How the Gods and the Romans made your New Year

Our lives are run by Time, and time begins with the New Year, in our minds. For most us in the Northern Hemisphere (where roughly 88 percent of the world’s population lives), though, starting the new year on January 1st feels strange and counter-intuitive. It’s the dead of winter and most of nature is quite literally sleeping. The way that we humans devised systems to track time has been a complex affair, influenced by religious traditions, politics, astronomical events and seasonal changes. So with all of those and more at our disposal, why does our new year start on January 1st, which is no time for renewal and rejuvenation.

So why Jan 1?

Simply put, it’s all about politics. When the Romans used a lunar calendar, the year began in March, on the day that the new consuls took office for the year. But the lunar calendar frequently fell out of step with the seasons and had to be corrected. To make matters worse, the Roman pontifices (who were charged with overseeing the calendar), often added days to extend political terms or interfere with elections. And here you were thinking that only the Russians did that….

So in steps my favorite Roman dictator – Julius Caesar – who decided that the

Janus, the two-headed Roman god
Janus, the two-headed Roman god

Roman calendar desperately needed to be fixed. With the aid of Sosigenes, an Alexandrian astronomer, Julius decided to do away with the lunar calendar completely and follow the solar year, as did the Egyptians. The year was calculated to be 365 and ¼ days. Caesar added 67 days to 45 B.C., making 46 B.C. begin on January 1st, rather than in March.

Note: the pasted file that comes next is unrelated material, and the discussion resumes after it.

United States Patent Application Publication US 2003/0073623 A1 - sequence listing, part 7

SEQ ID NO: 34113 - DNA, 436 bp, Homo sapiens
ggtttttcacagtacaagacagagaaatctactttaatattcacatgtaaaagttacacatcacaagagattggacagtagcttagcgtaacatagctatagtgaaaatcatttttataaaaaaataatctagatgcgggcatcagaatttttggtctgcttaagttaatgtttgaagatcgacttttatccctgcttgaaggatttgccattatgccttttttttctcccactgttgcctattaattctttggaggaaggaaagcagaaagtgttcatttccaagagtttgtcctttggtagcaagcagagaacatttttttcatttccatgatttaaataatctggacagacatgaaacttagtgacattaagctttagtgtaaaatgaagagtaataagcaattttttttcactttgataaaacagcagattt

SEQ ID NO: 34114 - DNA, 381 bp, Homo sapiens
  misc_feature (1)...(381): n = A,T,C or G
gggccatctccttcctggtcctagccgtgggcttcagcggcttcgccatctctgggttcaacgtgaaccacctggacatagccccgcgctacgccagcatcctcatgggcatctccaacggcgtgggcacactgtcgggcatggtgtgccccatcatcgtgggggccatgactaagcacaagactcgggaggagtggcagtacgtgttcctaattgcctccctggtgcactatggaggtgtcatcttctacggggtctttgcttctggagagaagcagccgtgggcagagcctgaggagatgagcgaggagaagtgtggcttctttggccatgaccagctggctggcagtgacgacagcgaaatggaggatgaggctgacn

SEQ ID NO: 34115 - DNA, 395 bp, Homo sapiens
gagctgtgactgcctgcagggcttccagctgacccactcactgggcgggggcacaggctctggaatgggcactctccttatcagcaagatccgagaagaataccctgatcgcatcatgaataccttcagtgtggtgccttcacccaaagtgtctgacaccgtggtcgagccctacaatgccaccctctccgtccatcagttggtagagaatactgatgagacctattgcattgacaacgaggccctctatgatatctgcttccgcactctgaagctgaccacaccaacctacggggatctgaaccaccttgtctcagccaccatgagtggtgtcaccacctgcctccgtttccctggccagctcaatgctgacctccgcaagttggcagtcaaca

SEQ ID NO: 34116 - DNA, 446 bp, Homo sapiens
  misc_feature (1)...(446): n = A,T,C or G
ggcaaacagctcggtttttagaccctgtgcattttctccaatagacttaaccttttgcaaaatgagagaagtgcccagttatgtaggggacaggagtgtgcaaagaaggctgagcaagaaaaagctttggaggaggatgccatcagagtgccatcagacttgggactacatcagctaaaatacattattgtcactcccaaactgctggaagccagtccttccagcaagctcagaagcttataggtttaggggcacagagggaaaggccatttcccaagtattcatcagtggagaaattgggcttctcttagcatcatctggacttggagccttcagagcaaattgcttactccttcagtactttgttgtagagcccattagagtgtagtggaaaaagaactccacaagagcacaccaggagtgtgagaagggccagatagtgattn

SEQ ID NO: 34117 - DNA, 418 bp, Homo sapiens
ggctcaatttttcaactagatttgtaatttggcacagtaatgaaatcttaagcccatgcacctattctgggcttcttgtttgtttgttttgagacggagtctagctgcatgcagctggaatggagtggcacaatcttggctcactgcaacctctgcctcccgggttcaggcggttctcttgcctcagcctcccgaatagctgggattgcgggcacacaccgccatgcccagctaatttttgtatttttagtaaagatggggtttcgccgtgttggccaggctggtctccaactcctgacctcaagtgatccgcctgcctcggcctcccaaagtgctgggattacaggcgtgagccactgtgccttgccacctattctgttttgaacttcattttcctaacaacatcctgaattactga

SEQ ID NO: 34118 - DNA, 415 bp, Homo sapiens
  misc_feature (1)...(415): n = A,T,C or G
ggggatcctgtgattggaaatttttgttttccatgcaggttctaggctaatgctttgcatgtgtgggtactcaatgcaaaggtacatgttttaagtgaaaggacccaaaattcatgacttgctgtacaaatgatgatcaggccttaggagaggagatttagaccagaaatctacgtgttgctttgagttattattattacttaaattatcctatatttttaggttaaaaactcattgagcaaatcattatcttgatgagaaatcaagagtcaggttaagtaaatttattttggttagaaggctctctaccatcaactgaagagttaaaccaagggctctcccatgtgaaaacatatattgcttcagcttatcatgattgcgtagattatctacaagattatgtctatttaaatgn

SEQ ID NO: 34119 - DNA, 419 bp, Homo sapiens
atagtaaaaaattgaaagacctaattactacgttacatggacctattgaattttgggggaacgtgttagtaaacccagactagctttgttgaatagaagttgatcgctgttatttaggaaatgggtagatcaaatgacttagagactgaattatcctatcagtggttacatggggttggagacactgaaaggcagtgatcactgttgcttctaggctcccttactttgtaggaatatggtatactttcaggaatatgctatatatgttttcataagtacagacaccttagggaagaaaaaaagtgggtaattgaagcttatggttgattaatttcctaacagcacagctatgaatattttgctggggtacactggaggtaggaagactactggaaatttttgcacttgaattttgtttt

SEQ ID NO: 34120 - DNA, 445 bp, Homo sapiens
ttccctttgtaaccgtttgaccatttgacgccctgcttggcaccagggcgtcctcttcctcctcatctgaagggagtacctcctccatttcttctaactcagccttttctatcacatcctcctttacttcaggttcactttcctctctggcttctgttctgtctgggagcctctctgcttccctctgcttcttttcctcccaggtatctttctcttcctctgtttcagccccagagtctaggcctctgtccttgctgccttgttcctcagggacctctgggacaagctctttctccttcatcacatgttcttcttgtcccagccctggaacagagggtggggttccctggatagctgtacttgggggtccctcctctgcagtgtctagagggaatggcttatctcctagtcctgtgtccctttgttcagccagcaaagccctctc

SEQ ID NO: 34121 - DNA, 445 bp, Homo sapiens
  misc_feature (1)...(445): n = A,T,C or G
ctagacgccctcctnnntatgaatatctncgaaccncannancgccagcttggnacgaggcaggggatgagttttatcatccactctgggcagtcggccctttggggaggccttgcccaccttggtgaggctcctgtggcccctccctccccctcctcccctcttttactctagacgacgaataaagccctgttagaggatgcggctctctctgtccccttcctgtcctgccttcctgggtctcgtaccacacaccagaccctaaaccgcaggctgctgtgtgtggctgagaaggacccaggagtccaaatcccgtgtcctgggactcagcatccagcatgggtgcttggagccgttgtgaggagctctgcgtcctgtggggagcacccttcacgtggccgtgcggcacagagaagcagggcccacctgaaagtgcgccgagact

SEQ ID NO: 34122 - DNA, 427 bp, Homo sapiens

Julius also decreed that every four years an additional day would be added to February, thus keeping his calendar from falling out of step. This started our current practice of the Leap year.

The Roman God of beginnings and endings

January had a festival for Janus, the Roman god of time, duality, gates or beginnings. Janus’ has a most interesting association with time. His two heads were said to allow him to see both the past and the future. He was said to have witnessed the beginning of time, and could see ahead to the end.The association between Janus and the calendar was cemented by the construction of 12 altars, one for each month of the year, in Janus’s temple in the Forum Holitorium.

From 153 B.C. onwards, the Roman consuls took office on the first day of January, offering prayers to Janus. The Romans distributed dates, figs and honey to their friends, hoping that the new year would turn out to be as sweet, as well as coins hoping that the year would be prosperous.